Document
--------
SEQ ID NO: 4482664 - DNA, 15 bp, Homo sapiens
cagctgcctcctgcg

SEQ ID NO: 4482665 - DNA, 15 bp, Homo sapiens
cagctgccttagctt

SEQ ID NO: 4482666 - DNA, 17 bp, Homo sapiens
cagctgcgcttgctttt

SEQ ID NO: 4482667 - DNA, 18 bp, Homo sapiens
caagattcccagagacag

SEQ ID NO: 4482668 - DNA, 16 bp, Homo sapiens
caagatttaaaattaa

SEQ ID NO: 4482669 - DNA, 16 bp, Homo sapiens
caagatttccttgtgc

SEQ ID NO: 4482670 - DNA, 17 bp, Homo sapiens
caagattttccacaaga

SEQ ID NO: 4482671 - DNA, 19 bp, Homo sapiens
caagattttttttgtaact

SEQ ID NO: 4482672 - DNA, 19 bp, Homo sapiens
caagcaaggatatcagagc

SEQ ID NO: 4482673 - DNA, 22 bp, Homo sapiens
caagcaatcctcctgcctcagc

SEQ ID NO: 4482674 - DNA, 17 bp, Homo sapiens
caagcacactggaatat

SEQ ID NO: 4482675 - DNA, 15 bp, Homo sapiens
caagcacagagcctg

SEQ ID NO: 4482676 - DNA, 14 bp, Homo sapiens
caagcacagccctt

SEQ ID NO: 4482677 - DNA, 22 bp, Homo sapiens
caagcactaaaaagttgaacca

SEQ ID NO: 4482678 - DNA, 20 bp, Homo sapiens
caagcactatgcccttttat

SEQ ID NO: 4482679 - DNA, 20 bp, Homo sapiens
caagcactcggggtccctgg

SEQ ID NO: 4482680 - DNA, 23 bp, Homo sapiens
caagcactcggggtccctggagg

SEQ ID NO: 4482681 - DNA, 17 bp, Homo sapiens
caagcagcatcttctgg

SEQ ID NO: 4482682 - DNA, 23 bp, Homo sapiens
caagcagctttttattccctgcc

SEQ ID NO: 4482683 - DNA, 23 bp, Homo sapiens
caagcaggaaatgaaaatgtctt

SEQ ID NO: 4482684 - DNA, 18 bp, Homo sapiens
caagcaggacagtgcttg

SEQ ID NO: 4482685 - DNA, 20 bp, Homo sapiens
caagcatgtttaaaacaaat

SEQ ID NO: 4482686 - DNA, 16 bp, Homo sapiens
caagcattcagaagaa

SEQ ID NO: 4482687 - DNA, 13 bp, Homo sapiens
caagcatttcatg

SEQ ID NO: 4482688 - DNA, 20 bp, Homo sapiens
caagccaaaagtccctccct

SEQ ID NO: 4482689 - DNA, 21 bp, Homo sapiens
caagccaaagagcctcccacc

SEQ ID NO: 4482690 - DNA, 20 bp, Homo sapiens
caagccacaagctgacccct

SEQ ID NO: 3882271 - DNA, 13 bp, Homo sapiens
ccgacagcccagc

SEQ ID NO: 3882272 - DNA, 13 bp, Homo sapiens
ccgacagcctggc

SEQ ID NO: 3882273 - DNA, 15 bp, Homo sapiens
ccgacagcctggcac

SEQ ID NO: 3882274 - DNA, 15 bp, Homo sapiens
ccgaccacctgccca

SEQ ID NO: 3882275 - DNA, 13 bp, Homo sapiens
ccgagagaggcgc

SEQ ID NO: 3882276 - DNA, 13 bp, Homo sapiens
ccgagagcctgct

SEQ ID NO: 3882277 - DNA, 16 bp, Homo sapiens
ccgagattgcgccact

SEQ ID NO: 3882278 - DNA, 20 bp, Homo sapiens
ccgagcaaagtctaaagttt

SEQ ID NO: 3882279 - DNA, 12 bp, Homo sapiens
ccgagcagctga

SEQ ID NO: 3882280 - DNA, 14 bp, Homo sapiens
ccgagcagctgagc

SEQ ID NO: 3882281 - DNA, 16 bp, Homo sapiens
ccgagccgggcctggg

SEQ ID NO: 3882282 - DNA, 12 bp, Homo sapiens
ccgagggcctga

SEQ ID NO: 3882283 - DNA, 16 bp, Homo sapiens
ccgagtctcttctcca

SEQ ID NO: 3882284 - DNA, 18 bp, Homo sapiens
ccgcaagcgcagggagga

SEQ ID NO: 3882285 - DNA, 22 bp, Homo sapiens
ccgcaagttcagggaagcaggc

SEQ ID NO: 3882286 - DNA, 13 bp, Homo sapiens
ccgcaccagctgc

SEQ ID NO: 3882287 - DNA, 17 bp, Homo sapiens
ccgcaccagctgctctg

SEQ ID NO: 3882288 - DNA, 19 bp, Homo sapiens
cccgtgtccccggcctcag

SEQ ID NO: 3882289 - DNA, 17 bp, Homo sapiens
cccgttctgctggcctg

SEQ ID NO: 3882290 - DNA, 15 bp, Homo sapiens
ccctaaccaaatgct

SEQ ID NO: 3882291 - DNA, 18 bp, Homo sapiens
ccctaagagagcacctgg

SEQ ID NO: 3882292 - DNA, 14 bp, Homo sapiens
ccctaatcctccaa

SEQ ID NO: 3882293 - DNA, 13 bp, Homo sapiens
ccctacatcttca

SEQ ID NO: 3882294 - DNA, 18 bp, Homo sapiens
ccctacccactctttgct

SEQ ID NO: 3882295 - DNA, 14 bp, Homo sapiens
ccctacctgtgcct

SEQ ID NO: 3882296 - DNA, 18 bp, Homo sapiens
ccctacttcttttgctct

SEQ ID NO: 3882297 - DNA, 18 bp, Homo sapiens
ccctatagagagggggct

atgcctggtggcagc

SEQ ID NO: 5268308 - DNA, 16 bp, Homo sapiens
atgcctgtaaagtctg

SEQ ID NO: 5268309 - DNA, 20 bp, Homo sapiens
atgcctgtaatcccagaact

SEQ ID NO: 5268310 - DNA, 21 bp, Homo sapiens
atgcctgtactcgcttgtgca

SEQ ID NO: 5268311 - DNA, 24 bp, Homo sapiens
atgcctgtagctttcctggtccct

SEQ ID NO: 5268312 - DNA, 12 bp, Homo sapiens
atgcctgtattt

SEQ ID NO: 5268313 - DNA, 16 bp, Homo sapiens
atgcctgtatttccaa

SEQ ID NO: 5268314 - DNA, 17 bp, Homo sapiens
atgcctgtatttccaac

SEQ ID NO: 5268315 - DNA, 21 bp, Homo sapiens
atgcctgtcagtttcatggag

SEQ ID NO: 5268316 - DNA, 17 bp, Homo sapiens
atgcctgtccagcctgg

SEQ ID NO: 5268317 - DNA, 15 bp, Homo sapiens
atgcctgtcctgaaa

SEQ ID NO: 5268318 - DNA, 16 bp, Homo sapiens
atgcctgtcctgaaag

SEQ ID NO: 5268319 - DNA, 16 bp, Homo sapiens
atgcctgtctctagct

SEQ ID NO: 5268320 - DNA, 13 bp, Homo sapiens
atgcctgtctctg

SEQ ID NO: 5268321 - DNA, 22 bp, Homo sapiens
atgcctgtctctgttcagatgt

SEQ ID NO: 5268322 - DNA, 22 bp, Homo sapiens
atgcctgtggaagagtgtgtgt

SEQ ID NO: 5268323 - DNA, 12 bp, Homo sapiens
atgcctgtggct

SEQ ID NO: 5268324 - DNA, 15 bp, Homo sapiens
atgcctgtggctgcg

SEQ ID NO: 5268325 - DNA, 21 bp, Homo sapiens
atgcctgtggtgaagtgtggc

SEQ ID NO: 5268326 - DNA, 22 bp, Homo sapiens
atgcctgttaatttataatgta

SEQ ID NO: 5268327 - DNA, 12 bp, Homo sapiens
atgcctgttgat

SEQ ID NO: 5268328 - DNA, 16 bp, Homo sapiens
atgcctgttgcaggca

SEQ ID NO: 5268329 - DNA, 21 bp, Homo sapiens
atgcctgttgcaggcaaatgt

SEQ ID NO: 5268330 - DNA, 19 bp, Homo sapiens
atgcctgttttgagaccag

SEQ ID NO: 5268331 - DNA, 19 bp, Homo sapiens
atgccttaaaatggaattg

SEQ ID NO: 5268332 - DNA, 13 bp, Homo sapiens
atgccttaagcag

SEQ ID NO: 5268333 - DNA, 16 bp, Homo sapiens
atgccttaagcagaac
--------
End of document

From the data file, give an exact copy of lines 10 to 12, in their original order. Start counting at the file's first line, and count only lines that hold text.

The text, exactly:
caagatttaaaattaa

SEQ ID NO: 4482669 - DNA, 16 bp, Homo sapiens
caagatttccttgtgc